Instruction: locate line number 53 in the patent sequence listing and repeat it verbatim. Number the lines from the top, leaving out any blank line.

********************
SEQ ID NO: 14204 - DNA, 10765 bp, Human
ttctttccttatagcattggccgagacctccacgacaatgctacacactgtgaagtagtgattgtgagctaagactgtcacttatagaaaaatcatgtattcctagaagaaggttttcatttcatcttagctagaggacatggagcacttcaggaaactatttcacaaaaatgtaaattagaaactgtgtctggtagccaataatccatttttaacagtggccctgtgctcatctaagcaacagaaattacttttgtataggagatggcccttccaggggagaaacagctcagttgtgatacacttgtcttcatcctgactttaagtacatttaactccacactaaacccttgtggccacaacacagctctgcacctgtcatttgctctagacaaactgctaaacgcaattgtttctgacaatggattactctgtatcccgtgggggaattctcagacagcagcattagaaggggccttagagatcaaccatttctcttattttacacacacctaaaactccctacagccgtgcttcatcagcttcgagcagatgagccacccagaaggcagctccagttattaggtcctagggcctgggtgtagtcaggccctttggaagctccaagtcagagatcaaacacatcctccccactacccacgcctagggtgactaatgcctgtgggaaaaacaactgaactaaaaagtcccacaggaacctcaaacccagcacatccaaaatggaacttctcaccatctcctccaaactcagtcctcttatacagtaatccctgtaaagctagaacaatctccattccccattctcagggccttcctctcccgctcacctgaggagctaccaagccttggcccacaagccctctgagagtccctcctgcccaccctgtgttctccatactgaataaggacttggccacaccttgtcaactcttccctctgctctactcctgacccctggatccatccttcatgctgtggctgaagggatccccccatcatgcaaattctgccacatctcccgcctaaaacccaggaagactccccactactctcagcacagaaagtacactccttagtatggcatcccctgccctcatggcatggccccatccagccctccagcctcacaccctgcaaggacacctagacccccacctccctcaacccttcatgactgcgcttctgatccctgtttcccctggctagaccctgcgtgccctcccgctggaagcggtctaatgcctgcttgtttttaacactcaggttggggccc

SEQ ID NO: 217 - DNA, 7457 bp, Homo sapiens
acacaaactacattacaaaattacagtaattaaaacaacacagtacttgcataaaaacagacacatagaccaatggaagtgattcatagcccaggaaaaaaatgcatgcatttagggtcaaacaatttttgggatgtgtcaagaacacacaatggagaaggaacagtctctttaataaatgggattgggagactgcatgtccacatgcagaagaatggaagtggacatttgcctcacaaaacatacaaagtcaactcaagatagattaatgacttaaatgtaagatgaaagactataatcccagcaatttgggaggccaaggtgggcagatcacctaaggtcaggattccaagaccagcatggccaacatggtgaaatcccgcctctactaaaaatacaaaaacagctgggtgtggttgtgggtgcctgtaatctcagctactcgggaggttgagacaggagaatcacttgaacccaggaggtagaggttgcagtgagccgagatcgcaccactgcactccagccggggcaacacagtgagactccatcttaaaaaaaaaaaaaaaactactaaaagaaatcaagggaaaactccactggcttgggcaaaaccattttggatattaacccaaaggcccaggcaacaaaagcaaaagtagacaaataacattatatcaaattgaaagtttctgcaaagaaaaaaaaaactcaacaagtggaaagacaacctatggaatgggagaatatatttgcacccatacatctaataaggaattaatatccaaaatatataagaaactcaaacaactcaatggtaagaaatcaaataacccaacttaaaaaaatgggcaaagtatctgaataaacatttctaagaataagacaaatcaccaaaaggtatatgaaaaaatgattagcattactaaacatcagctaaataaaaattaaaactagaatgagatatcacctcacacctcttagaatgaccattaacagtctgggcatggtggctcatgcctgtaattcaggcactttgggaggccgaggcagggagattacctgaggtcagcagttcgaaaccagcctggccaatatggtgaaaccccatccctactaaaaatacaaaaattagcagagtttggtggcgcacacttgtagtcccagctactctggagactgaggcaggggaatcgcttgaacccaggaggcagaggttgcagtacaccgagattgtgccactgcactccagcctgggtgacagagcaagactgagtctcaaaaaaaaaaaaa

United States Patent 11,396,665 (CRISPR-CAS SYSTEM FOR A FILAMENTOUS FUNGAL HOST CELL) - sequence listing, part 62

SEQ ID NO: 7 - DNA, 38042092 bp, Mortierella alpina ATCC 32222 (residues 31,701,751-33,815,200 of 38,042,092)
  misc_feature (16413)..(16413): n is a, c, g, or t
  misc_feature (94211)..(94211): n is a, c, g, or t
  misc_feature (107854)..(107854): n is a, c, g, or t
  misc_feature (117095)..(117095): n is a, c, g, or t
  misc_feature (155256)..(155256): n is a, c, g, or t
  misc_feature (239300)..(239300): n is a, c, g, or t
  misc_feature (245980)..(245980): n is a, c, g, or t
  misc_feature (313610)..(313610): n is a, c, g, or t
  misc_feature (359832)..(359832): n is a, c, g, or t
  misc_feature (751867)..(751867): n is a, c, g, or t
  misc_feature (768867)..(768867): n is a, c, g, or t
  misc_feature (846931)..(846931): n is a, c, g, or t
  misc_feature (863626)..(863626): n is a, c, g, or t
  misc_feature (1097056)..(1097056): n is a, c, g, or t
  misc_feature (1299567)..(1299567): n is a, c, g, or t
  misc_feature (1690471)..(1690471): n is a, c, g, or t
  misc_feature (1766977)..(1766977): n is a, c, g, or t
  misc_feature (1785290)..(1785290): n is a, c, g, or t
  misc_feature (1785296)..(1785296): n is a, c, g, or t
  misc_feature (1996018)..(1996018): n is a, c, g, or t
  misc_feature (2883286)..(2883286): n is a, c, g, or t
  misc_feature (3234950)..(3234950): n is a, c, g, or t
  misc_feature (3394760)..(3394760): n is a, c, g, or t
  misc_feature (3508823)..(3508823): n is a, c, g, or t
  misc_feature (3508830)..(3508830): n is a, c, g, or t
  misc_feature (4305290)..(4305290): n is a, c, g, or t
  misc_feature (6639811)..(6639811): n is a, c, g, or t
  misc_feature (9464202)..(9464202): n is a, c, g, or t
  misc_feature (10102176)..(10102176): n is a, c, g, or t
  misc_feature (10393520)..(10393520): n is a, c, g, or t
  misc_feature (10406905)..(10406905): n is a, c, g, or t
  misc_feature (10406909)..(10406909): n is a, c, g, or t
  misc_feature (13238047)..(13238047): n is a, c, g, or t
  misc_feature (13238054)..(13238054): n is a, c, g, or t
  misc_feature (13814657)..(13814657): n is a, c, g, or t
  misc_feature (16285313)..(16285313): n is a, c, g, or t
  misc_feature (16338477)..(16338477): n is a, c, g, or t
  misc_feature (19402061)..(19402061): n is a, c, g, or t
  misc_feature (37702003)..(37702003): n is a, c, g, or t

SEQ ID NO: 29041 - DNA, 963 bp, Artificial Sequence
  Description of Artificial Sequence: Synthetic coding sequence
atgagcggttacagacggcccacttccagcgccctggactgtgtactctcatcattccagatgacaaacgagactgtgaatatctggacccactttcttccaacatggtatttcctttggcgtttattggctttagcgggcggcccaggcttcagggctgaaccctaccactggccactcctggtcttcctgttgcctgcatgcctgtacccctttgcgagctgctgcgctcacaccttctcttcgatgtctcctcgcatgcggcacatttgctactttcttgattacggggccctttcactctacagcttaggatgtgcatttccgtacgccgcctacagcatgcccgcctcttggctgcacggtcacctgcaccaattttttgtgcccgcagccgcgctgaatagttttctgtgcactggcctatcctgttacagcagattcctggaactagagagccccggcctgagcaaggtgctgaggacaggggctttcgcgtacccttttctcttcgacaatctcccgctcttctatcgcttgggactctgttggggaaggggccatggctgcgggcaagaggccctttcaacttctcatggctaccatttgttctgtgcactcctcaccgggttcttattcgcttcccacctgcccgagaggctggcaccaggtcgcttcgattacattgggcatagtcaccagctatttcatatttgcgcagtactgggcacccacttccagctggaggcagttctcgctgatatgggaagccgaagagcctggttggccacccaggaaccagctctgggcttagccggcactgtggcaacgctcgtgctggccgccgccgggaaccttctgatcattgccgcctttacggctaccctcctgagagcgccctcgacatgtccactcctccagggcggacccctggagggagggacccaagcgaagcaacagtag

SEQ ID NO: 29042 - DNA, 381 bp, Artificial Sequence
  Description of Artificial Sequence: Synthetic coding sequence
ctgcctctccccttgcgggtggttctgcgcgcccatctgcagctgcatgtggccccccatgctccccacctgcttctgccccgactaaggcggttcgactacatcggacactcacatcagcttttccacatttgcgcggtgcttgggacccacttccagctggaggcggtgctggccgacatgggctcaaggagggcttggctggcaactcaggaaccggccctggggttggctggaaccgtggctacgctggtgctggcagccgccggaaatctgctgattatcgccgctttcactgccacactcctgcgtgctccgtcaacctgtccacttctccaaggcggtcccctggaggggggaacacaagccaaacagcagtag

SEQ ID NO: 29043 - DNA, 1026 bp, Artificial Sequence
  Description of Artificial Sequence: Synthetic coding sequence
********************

  Description of Artificial Sequence: Synthetic coding sequence